To the Bravery of the Swiss – The Lion of Lucerne

Even though I lived in Switzerland for around 5 months, I never had a chance to see the “Lion of Lucerne,” a stunning monument to the Swiss Guard who perished in 1792 during the French Revolution, when revolutionaries stormed the Tuileries Palace in Paris, France.



Images: Wikipedia

This beautiful tribute was designed after 1818 by noted Danish sculptorĀ Bertel Thorvaldsen[1], and carved between 1819 and 1820 by Lukas Ahorn.

Of this statue, Mark Twain said:

“The commerce of Lucerne consists mainly in gimcrackery of the souvenir sort; the shops are packed with Alpine crystals, photographs of scenery, and wooden and ivory carvings. I will not conceal the fact that miniature figures of the Lion of Lucerne are to be had in them. Millions of them. But they are libels upon him, every one of them. There is a subtle something about the majestic pathos of the original which the copyist cannot get. Even the sun fails to get it; both the photographer and the carver give you a dying lion, and that is all. The shape is right, the attitude is right, the proportions are right, but that indescribable something which makes the Lion of Lucerne the most mournful and moving piece of stone in the world, is wanting.

The Lion lies in his lair in the perpendicular face of a low cliff–for he is carved from the living rock of the cliff. His size is colossal, his attitude is noble. How head is bowed, the broken spear is sticking in his shoulder, his protecting paw rests upon the lilies of France. Vines hang down the cliff and wave in the wind, and a clear stream trickles from above and empties into a pond at the base, and in the smooth surface of the pond the lion is mirrored, among the water-lilies.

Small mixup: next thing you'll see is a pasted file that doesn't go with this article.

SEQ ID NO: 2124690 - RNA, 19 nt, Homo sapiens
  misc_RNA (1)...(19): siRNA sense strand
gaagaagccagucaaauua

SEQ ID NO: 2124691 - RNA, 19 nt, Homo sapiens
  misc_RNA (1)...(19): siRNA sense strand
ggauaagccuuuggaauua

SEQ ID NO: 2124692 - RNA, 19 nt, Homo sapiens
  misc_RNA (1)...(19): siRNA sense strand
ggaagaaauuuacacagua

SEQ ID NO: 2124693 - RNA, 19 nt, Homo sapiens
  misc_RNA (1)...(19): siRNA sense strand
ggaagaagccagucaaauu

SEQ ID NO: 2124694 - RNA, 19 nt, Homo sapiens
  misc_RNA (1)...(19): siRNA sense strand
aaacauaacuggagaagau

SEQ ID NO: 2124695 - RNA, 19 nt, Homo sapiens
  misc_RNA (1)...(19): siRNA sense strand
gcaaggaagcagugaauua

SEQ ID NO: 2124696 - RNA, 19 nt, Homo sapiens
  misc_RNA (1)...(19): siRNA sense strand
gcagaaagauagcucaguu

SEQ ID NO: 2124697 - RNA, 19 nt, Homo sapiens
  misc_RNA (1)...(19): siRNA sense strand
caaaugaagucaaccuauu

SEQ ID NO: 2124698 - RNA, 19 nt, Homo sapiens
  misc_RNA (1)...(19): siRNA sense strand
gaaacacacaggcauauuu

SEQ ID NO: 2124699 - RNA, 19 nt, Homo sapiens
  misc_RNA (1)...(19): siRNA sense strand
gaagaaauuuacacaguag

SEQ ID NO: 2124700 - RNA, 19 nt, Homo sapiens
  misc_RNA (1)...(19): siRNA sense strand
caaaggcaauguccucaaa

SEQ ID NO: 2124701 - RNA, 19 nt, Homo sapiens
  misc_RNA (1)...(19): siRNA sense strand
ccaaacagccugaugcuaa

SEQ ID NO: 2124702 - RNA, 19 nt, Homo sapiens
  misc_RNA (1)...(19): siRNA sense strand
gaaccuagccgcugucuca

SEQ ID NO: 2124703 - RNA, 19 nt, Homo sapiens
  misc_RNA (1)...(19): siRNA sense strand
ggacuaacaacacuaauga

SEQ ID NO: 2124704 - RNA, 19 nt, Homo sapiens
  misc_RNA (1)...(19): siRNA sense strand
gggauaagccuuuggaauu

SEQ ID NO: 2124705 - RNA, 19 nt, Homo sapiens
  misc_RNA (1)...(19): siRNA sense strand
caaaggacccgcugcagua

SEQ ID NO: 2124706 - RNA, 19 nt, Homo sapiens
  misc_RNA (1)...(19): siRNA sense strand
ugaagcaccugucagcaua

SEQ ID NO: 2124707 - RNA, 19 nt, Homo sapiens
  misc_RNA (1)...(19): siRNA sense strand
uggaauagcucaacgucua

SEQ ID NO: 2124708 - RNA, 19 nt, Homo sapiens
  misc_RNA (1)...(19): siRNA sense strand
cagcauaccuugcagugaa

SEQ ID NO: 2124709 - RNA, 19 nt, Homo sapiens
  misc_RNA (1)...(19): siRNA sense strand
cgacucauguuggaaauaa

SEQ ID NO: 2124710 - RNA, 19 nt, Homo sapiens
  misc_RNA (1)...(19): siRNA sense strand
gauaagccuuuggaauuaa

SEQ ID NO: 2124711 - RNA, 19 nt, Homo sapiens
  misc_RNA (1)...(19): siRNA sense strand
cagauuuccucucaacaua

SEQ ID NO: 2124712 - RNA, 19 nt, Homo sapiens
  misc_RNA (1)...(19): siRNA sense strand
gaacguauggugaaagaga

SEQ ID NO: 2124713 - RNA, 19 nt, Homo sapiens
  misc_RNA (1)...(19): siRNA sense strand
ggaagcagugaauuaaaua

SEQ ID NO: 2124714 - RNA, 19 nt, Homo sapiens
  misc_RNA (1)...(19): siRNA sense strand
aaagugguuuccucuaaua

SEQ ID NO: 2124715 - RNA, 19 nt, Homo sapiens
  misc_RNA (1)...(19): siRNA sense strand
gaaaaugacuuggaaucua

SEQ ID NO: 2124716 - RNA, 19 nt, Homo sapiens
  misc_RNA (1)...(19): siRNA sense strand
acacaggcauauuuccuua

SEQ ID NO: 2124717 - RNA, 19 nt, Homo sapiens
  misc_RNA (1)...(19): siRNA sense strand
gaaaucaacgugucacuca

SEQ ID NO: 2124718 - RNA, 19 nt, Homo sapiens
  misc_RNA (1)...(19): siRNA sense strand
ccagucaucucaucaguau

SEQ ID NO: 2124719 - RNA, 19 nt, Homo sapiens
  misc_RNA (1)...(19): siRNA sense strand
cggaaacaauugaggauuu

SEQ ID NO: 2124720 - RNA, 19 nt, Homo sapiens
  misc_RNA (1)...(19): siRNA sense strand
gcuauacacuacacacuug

Around about are green trees and grass. The place is a sheltered, reposeful woodland nook, remote from noise and stir and confusion–and all this is fitting, for lions do die in such places, and not on granite pedestals in public squares fenced with fancy iron railings. The Lion of Lucerne would be impressive anywhere, but nowhere so impressive as where he is.”

Next trip to Switzerland.

The Old Wolf has spoken.

[1] Perhaps Thorvaldsen’s most famous work is his Christus in the Vor Frue Kirke in Copenhagen, of which a copy resides in the visitor’s center of the Church of Jesus Christ of Latter-day Saints in Salt Lake City.

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